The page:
MIXED ATTORNEY’S FEES

May 21, 2013 § 1 Comment

The COA decision in Tidmore v. Tidmore, decided May 14, 2013, underscores the mixed attorney’s fee, a fairly common phenomenon in chancery court. It happens when one brings an action combining two or more different causes of action. It could be a contempt and modification, or a divorce with an allegation of contempt of the temporary order, or a suit seeking injunctive relief and sanctions.

In reversing the chancellor’s award of attorney’s fees assessed against Nicole Tidmore in favor of her ex-husband, Michael, the COA, by Judge Irving, said this:

¶10. Nicole argues that the chancellor erred in awarding attorney’s fees to Michael since some of the attorney’s fees were incurred in pursuing a modification of custody. We note that “attorney’s fees are not normally awarded in child custody modification actions.” Mixon v. Sharp, 853 So. 2d 834, 841 (¶32) (Miss. Ct. App. 2003). However, it is well established that “[a] chancellor may award attorney’s fees as the result of a contempt action” in a domestic-relations case. Id. “One of the purposes for awarding attorney fees [in a contempt action] is to compensate the prevailing party for losses sustained by reason of the defendant’s noncompliance.” Durr v. Durr, 912 So. 2d 1033, 1040 (¶25) (Miss. Ct. App. 2005). Thus, “[n]o showing as to the McKee factors is required” where there is a finding of contempt. Patterson v. Patterson, 20 So. 3d 65, 73 (¶26) (Miss. Ct. App. 2009).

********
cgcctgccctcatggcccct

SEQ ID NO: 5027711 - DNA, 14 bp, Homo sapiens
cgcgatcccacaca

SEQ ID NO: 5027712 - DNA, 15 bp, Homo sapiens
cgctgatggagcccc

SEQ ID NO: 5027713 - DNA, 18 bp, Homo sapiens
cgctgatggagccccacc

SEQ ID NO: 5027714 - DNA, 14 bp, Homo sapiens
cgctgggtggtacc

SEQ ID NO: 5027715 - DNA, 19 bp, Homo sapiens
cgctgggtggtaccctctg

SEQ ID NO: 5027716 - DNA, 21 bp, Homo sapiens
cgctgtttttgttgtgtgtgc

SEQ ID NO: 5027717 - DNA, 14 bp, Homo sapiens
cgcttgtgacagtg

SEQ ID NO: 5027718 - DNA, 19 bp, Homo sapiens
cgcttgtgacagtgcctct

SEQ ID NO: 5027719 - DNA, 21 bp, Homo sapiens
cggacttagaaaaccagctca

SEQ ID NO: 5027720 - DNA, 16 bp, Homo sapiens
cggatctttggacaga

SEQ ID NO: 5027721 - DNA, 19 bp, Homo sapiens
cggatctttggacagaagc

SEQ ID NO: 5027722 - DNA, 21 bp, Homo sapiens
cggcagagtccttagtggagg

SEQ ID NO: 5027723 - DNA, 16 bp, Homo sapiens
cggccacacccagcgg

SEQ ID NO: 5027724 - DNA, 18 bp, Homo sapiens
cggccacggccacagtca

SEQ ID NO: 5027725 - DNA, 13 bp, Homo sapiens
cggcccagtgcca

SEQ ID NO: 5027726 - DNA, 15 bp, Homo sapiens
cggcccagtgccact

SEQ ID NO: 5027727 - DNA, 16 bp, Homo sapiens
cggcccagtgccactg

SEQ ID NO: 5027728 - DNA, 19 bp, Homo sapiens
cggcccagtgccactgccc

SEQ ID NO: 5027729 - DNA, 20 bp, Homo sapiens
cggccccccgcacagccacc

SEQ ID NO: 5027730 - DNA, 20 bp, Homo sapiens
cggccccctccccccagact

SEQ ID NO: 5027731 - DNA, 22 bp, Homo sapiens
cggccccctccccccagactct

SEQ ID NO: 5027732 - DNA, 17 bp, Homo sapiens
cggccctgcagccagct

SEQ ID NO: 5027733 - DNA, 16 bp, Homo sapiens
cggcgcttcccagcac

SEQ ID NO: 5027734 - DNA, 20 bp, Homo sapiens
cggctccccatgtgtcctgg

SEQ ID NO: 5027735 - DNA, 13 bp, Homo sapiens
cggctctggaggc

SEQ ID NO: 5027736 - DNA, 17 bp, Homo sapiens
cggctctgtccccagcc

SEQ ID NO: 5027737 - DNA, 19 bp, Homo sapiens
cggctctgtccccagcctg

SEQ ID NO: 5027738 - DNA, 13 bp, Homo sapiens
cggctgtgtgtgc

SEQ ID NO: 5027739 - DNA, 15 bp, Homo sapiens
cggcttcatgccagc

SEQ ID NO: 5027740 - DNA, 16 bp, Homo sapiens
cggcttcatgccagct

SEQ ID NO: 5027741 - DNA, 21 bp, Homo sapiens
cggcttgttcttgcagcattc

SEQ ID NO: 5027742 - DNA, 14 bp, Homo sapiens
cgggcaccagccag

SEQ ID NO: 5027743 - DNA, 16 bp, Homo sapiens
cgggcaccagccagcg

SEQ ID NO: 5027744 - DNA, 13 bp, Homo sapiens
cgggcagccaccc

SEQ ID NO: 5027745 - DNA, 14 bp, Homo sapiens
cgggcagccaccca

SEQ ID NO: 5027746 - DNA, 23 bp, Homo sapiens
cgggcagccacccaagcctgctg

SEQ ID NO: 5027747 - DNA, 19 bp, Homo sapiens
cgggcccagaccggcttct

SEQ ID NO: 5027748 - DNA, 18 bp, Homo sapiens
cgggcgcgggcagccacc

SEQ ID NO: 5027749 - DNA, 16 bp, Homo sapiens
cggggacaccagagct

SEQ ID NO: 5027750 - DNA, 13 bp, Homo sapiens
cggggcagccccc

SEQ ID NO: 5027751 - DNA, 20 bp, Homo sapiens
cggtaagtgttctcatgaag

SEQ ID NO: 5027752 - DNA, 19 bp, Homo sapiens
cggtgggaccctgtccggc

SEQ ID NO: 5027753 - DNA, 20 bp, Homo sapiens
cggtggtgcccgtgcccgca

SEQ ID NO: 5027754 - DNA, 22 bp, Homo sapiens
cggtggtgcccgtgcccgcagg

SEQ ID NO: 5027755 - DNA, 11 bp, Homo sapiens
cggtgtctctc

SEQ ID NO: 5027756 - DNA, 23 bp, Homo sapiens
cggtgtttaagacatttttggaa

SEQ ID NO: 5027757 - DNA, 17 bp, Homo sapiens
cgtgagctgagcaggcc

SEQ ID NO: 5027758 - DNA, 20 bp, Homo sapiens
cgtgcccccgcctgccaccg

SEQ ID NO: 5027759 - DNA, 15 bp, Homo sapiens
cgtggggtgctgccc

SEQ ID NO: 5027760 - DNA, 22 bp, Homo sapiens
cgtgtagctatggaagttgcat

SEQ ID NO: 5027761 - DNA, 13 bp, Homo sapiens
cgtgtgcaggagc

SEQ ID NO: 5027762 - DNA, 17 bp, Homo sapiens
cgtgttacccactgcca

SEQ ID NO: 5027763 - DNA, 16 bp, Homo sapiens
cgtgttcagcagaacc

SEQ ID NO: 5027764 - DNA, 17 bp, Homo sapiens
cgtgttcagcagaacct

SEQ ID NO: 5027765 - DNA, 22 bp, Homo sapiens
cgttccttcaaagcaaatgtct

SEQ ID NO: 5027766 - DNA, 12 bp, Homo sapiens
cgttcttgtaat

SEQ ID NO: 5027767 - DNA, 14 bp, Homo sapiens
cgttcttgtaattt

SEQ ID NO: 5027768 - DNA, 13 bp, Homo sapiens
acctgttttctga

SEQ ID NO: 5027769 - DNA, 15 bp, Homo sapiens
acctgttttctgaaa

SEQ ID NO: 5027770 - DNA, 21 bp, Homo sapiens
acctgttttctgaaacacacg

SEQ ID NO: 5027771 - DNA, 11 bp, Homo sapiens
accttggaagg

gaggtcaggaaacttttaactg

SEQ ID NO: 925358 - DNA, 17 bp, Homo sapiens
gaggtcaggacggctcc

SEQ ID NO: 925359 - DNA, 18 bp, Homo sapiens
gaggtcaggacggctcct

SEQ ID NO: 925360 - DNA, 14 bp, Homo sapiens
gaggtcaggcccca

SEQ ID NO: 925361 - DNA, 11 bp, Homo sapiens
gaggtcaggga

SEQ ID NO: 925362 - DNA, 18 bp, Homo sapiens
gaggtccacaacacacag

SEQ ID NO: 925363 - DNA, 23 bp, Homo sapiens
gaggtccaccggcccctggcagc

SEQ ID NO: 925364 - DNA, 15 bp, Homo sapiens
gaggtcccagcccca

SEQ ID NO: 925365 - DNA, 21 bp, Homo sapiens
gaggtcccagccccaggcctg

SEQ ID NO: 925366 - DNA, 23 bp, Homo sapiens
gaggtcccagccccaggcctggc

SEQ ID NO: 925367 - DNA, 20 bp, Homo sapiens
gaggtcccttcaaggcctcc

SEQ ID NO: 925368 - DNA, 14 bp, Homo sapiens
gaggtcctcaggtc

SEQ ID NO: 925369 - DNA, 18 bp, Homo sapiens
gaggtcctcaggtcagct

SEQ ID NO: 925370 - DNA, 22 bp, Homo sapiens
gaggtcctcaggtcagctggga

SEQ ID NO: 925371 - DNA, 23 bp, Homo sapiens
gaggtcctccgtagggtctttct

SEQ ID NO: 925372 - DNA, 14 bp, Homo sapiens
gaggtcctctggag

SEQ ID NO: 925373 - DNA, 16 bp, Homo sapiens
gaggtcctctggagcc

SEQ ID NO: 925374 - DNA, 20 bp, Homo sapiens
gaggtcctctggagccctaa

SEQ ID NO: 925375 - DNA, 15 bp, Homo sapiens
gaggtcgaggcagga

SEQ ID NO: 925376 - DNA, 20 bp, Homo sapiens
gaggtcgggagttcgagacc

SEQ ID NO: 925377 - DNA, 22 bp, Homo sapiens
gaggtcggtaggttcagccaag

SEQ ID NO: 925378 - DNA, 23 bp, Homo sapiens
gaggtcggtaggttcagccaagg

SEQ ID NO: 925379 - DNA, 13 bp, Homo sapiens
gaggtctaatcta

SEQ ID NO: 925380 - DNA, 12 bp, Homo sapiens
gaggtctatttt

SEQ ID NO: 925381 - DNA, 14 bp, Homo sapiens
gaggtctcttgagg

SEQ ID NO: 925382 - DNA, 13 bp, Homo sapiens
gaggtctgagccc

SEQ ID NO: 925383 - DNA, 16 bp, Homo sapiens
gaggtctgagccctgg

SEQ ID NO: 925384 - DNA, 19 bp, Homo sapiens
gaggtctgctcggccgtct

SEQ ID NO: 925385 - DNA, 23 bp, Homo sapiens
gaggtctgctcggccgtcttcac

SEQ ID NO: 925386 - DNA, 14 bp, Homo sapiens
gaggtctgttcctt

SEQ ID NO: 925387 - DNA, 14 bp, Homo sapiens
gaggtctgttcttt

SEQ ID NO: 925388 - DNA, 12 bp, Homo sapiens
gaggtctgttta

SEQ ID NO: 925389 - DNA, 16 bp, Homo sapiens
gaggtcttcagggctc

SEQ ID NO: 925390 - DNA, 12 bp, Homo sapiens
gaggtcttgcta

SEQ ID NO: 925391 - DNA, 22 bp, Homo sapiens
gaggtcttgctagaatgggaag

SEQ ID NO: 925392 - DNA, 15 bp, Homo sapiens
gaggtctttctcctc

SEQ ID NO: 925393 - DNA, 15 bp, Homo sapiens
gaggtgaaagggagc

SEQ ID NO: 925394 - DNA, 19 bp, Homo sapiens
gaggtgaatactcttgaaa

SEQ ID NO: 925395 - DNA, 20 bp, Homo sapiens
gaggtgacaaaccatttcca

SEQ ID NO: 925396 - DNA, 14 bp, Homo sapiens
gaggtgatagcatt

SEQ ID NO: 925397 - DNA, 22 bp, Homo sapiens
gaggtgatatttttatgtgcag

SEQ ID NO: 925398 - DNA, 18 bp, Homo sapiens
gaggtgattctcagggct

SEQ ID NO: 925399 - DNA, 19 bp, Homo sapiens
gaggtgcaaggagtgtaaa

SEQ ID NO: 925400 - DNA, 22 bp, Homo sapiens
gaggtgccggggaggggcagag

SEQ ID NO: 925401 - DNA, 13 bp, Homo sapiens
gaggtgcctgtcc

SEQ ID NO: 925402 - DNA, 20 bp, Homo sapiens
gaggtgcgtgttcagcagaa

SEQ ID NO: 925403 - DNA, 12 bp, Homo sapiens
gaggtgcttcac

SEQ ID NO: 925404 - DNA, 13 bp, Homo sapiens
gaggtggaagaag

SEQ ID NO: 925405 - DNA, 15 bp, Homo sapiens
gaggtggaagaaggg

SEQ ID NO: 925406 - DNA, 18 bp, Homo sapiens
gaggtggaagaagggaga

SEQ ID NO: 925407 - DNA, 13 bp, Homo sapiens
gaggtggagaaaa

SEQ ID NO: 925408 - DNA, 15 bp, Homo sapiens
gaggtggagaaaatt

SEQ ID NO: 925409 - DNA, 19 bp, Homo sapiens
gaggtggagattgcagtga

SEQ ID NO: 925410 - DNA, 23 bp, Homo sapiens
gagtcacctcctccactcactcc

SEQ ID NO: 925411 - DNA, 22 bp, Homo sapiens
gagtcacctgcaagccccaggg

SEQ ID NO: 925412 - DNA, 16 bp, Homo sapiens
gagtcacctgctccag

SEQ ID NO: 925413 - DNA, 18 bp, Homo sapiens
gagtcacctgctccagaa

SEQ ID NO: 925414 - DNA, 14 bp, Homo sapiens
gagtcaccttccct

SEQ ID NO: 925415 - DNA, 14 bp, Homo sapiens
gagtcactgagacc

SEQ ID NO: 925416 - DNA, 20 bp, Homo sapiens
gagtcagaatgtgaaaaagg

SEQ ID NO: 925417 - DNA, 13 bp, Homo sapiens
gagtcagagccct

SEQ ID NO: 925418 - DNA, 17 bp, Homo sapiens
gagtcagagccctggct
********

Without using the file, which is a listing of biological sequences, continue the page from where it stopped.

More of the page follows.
¶11. Additionally, Mississippi Code Annotated section 93-5-23 (Supp. 2012) requires the chancellor to impose attorney’s fees for unsubstantiated allegations of abuse:

If after investigation by the Department of Human Services or final disposition by the youth court or family court allegations of child abuse are found to be without foundation, the chancery court shall order the alleging party to pay all court costs and reasonable attorney’s fees incurred by the defending party in responding to such allegation.

(Emphasis added).

¶12. In this case, the chancellor ordered Nicole to pay Michael’s attorney’s fees and the GAL fees as follows: